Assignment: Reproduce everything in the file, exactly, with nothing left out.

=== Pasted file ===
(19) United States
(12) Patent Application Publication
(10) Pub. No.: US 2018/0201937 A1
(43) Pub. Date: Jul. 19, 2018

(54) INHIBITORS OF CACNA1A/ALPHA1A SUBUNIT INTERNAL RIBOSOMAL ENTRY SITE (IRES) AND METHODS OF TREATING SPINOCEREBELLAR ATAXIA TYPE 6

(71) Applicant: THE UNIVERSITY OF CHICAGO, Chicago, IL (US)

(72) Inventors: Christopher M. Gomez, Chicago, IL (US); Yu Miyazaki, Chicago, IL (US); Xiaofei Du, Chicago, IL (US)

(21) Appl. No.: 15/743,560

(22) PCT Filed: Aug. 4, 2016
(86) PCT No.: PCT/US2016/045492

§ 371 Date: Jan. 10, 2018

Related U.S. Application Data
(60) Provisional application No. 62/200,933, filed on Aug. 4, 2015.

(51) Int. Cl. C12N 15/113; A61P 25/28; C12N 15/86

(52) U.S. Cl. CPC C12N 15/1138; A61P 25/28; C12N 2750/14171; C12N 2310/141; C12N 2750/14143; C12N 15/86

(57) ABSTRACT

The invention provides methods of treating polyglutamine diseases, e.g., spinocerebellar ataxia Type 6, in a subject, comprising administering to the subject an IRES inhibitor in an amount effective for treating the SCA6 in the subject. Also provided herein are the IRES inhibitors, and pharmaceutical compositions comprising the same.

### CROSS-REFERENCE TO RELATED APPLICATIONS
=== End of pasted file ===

(19) United States
(12) Patent Application Publication
(10) Pub. No.: US 2018/0201937 A1
(43) Pub. Date: Jul. 19, 2018

(54) INHIBITORS OF CACNA1A/ALPHA1A SUBUNIT INTERNAL RIBOSOMAL ENTRY SITE (IRES) AND METHODS OF TREATING SPINOCEREBELLAR ATAXIA TYPE 6

(71) Applicant: THE UNIVERSITY OF CHICAGO, Chicago, IL (US)

(72) Inventors: Christopher M. Gomez, Chicago, IL (US); Yu Miyazaki, Chicago, IL (US); Xiaofei Du, Chicago, IL (US)

(21) Appl. No.: 15/743,560

(22) PCT Filed: Aug. 4, 2016
(86) PCT No.: PCT/US2016/045492

§ 371 Date: Jan. 10, 2018

Related U.S. Application Data
(60) Provisional application No. 62/200,933, filed on Aug. 4, 2015.

(51) Int. Cl. C12N 15/113; A61P 25/28; C12N 15/86

(52) U.S. Cl. CPC C12N 15/1138; A61P 25/28; C12N 2750/14171; C12N 2310/141; C12N 2750/14143; C12N 15/86

(57) ABSTRACT

The invention provides methods of treating polyglutamine diseases, e.g., spinocerebellar ataxia Type 6, in a subject, comprising administering to the subject an IRES inhibitor in an amount effective for treating the SCA6 in the subject. Also provided herein are the IRES inhibitors, and pharmaceutical compositions comprising the same.

### CROSS-REFERENCE TO RELATED APPLICATIONS